Months after the malware was dismantled by law enforcement, security researcher Luca Ebach sees signs of Emotet usage in the wild. His report indicates that TrickBot is currently being utilized to deploy a new variant of Emotet on systems TrickBot previously compromised.
“On Sunday, November 14, at around 9:26pm UTC we observed on several of our Trickbot trackers that the bot tried to download a DLL to the system. According to internal processing, these DLLs have been identified as Emotet,” said Ebach.
Further analysis helped to confirm with “high confidence” that the detected samples are indeed “a re-incarnation of the infamous Emotet.”
What similarities are there with previous Emotet samples? The heavy use of control-flow flattening for code obfuscation was typical for older Emotet variants, and it is present in this one as well. The researcher provided two arbitrary code snippets to illustrate the similarity in obfuscation style.
“As per the famous duck-typing, we conclude so far: smells like Emotet, looks like Emotet, behaves like Emotet – seems to be Emotet,” the researcher concluded.
EmoCrash: the Emotet Killswitch
In August 2020, security researchers created an exploit and subsequently a killswitch (dubbed EmoCrash) to prevent the Emotet malware from spreading. Emotet has been described as an all-in-one malware which could be programmed by threat actors to either download other malware and steal files, or recruit the compromised systems into the botnet network. Known since at least 2014, the malware has been used in various attacks against both private targets and company and government networks.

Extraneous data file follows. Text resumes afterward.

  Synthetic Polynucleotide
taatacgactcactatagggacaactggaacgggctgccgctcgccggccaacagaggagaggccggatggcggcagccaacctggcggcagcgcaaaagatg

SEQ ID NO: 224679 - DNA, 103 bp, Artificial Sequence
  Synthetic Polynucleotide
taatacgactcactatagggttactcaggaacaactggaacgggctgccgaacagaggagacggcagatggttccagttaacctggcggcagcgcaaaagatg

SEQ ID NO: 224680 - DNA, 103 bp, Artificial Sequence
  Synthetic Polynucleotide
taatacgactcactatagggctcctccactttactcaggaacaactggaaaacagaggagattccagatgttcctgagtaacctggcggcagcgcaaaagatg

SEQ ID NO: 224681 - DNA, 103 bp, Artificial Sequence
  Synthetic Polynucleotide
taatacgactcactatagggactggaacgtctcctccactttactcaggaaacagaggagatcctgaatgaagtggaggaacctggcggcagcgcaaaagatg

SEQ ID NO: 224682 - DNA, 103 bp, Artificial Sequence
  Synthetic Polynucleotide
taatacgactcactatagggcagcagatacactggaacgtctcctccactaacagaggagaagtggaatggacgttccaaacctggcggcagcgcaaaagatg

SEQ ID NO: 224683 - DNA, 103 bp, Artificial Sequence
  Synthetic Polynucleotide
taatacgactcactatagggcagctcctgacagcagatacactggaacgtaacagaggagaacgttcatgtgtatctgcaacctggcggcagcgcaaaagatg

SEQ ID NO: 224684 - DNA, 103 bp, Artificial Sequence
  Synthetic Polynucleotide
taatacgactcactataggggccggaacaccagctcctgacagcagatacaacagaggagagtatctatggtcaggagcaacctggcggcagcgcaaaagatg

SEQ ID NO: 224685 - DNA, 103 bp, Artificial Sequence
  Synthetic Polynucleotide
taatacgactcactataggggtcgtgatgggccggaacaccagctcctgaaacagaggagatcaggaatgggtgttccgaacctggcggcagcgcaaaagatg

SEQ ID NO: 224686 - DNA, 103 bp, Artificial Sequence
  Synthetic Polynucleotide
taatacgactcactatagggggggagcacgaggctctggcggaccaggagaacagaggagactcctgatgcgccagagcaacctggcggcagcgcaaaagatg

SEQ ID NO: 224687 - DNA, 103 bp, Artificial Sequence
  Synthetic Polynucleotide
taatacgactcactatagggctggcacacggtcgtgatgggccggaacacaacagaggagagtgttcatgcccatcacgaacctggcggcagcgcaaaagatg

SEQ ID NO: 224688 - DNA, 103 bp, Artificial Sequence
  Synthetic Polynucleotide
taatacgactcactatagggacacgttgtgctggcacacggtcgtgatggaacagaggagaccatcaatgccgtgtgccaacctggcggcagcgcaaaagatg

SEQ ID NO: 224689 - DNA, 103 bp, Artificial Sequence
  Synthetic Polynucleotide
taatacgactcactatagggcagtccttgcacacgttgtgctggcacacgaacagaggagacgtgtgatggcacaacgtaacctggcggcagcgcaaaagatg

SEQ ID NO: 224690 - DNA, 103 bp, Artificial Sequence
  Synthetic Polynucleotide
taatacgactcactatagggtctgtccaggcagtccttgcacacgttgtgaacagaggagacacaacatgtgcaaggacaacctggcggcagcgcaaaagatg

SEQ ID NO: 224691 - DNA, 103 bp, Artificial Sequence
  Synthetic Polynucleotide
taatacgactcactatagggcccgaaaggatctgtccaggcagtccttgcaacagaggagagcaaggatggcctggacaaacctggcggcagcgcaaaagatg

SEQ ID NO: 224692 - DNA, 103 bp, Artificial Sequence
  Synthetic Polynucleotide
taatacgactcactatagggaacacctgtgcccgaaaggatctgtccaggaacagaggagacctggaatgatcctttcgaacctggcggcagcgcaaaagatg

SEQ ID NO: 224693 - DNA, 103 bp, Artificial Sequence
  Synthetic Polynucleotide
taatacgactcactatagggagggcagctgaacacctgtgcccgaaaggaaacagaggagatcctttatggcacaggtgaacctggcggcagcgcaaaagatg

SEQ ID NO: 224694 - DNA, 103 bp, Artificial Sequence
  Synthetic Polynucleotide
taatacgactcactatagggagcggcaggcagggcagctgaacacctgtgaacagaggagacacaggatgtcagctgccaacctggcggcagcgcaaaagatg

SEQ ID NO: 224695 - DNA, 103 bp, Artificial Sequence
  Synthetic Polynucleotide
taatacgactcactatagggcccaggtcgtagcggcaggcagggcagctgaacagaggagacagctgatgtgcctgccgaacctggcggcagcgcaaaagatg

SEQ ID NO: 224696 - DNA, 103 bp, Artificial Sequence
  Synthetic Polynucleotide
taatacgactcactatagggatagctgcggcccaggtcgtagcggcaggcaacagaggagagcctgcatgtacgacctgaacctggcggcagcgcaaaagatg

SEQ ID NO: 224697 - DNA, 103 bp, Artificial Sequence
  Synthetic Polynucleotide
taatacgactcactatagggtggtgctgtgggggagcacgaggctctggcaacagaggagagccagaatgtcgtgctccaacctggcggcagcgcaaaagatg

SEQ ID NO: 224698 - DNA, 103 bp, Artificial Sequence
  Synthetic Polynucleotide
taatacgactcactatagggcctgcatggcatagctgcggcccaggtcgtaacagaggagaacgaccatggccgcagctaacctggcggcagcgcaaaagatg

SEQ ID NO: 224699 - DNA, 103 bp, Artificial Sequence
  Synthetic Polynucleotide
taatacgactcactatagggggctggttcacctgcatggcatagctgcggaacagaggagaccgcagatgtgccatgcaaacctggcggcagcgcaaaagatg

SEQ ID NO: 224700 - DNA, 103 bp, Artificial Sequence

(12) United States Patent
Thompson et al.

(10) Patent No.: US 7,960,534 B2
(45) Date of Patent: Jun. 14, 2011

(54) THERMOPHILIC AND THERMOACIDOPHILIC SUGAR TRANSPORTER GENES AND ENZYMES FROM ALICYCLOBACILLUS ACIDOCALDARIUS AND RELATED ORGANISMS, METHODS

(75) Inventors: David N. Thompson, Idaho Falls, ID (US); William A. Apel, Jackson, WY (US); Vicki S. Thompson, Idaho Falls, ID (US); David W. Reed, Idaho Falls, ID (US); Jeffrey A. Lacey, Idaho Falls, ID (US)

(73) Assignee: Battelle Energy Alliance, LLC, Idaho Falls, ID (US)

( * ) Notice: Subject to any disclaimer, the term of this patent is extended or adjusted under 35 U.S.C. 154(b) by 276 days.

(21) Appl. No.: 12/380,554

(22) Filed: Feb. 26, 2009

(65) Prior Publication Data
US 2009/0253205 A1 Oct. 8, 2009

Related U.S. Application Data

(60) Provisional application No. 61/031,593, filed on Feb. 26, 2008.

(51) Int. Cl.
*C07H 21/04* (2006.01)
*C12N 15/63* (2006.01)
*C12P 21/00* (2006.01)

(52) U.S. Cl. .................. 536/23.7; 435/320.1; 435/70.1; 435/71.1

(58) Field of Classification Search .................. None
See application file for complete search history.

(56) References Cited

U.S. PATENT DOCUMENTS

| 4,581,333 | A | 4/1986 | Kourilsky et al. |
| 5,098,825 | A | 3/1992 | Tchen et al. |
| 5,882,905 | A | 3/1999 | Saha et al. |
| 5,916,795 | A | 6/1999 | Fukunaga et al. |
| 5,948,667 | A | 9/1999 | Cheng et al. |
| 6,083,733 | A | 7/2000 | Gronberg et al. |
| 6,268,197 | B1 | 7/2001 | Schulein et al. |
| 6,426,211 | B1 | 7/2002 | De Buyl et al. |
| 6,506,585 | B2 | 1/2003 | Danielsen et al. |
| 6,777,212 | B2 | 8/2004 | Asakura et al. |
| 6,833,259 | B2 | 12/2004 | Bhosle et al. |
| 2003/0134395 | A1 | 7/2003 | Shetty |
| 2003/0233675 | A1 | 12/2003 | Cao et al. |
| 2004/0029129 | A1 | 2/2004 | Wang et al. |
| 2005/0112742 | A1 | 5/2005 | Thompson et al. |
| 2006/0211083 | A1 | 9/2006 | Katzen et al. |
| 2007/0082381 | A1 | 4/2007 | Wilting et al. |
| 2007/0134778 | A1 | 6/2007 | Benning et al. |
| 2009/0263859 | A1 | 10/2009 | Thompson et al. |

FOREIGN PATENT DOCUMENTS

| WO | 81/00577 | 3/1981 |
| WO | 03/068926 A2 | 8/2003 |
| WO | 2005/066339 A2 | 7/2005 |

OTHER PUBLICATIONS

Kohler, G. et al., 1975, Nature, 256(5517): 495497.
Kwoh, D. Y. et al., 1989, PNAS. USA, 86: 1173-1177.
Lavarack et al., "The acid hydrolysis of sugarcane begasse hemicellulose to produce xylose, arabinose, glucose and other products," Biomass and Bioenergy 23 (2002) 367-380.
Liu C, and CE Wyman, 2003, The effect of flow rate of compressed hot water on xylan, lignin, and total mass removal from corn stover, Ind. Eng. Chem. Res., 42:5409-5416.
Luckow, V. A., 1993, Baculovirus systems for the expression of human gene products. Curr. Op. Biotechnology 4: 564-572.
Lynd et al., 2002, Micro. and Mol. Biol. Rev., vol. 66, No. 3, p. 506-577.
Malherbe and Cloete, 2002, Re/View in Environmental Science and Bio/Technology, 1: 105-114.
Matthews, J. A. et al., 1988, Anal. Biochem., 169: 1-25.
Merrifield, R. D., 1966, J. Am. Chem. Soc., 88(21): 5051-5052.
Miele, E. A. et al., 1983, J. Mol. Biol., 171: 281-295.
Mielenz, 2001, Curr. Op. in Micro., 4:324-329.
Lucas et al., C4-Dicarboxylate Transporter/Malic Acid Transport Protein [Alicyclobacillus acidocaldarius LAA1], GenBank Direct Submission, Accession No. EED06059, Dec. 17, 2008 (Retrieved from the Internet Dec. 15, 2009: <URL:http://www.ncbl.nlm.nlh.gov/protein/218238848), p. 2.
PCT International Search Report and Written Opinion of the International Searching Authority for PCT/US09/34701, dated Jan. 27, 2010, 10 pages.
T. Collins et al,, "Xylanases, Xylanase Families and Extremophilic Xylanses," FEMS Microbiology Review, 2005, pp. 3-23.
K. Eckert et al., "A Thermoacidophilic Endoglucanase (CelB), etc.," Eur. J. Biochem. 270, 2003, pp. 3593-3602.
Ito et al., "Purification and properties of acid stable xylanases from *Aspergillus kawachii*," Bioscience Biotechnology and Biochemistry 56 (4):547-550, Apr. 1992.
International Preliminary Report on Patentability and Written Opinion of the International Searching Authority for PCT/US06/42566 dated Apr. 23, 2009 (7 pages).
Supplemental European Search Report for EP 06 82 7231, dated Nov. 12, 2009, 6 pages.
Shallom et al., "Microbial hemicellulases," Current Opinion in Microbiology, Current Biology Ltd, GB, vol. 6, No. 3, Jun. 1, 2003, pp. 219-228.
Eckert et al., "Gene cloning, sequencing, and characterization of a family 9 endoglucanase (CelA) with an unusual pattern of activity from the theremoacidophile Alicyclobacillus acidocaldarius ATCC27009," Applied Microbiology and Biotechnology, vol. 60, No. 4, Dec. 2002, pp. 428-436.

New Malware Loaders Also Emerging
In October 2021, security researchers from Cisco Talos discovered a new malware loader, SquirrelWaffle, with the likelihood to replace Emotet. “Organizations should be aware of this threat, as it will likely persist across the threat landscape for the foreseeable future,” the researchers said. Since Emotet operations were disrupted by law enforcement, security researchers have been waiting for a new player to rise.
But now there’s nearly-solid proof that Emotet is making its comeback just in time for Christmas. Will SquirrelWaffle and other new loaders compete with an upgraded Emotet in upcoming phishing campaigns? As a reminder, in 2019, a phishing campaign was detected in the wild, targeting home users with Emotet-laced “Christmas Party” menus.